Moreover, as referred to above, the scope of application of the PI Contribution is the same as that of the fee on the sale of medicinal products, that is, the entities subject to the PI Contribution are also those “selling for the first time, for valuable consideration, in the national territory, medicinal products for human use, irrespective of whether they are holders of a marketing authorisation or registration, or their representatives, intermediaries, wholesalers or simply suppliers of medicinal products under an exceptional use authorisation, or of an exceptional authorisation, for medicinal products”; although double taxation is not in and of itself prohibited, in this case, the accumulation of the PI Contribution with a fee 

charged on the same taxable matter strengthens the argument of the breach of the principle of proportionality and of fiscal capacity.

It is therefore concluded that it is possible to sustain the unconstitutionality of the PI Contribution, irrespective of the same being set as a special tax, a tax with extra-fiscal purposes or a special contribution.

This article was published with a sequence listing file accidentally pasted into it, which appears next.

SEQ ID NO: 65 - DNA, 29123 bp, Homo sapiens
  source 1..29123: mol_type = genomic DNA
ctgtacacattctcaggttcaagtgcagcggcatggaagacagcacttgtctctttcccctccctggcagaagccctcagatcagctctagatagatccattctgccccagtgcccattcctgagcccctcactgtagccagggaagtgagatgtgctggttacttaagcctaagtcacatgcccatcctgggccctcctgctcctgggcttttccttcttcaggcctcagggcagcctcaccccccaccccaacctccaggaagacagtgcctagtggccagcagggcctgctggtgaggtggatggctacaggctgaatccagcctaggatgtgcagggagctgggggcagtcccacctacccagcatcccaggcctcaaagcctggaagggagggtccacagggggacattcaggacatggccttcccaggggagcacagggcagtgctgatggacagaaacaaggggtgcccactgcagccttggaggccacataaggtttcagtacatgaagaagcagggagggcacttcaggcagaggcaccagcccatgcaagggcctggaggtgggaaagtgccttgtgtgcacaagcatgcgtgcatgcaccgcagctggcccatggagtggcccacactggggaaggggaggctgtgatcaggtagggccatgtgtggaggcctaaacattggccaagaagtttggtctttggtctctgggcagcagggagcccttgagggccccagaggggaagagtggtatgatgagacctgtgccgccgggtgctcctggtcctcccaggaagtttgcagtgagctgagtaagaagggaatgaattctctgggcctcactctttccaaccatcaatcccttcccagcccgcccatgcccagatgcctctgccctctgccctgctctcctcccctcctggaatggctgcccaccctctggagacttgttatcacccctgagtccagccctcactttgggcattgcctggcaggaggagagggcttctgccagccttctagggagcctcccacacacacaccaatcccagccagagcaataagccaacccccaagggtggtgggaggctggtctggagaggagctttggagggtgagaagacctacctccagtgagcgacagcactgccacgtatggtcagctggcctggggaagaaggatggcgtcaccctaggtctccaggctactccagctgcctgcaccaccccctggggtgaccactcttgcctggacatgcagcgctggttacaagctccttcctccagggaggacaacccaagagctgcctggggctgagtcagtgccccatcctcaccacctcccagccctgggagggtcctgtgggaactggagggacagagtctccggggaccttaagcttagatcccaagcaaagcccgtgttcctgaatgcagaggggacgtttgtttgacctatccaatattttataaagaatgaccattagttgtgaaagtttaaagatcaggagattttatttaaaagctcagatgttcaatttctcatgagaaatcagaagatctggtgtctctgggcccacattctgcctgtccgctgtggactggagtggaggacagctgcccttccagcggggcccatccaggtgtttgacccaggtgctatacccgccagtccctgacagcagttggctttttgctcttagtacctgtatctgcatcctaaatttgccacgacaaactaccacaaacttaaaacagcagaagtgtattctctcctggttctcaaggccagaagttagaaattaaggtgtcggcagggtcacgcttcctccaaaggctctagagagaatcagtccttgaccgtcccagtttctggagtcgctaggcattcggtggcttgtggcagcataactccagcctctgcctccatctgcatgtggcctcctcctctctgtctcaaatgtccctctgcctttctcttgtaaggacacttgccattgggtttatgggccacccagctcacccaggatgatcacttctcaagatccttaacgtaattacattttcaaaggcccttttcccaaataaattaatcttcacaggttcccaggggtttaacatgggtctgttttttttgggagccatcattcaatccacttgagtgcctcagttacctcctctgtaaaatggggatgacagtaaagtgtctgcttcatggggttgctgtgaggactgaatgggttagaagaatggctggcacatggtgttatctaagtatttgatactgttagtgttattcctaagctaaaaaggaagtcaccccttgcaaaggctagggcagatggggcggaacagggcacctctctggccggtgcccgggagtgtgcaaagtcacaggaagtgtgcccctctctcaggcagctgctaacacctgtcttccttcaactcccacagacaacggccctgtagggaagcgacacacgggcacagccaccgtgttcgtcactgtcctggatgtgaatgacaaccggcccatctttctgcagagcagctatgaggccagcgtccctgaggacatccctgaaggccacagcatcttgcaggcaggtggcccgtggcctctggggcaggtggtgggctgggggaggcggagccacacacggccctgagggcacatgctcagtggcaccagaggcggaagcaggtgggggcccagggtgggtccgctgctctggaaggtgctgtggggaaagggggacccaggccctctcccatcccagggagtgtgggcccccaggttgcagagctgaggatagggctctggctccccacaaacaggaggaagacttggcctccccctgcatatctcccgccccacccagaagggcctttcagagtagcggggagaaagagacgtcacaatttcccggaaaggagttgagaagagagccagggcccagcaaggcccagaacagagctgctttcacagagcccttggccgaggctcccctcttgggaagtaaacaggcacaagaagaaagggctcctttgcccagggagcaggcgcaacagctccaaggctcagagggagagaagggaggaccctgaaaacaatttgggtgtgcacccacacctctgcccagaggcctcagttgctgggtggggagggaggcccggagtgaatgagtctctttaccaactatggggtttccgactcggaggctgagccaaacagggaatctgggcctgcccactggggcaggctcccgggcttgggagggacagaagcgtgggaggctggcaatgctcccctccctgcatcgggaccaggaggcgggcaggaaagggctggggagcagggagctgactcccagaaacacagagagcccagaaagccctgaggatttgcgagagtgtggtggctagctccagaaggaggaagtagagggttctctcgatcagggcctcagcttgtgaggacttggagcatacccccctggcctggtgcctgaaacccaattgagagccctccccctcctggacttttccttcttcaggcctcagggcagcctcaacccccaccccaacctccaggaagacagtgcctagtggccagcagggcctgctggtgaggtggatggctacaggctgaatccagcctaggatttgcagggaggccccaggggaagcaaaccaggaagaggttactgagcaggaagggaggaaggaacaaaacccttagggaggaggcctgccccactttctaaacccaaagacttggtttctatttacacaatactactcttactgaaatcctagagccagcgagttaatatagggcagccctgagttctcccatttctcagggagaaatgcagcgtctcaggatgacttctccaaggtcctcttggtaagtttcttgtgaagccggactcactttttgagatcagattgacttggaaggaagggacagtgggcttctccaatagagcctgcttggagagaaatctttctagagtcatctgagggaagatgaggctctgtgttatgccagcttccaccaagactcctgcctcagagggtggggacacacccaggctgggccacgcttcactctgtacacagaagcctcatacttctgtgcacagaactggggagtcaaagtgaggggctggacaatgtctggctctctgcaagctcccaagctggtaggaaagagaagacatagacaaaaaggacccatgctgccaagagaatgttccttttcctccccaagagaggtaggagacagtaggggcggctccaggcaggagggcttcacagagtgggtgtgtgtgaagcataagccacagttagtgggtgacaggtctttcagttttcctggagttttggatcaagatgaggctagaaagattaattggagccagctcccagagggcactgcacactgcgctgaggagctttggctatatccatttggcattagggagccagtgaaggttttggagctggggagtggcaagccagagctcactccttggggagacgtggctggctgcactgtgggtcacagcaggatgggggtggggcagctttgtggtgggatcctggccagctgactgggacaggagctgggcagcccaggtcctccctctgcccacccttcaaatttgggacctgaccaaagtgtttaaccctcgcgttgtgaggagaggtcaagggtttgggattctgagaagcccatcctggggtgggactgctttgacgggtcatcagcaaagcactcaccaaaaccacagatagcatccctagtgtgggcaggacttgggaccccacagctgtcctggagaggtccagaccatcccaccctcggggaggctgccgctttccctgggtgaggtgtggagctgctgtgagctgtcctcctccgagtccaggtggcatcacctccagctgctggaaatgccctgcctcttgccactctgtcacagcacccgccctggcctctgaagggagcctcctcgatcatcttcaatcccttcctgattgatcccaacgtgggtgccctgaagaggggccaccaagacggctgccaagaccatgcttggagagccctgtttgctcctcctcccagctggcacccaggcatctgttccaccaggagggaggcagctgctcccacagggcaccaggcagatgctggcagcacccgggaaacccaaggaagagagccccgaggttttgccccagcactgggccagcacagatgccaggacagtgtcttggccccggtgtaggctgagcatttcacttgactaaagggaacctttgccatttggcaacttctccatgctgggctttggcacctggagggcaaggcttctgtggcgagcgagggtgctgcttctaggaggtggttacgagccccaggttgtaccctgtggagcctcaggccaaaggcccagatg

AGREEMENT

As referred to above, the entities concerned by the PI Contribution may choose to join the Agreement entered into between the Ministries of Finance and of Health and the Pharmaceutical Industry, represented by APIFARMA, whereby they will be exempted from the payment of the PI Contribution.

This Agreement establishes the value of the contribution of the Pharmaceutical Industry towards expenses with medicinal products in the scope of the national health services, aiming to reduce public expenditure with medicinal products. In this connection, the Agreement established the payment of a contribution by the companies associated with APIFARMA of a minimum value of EUR 135,000,000 (having as reference the total value of EUR 180,000,000 for the entire pharmaceutical industry); the sum to be paid by each company associated with APIFARMA must be determined in accordance with a formula to be established by APIFARMA.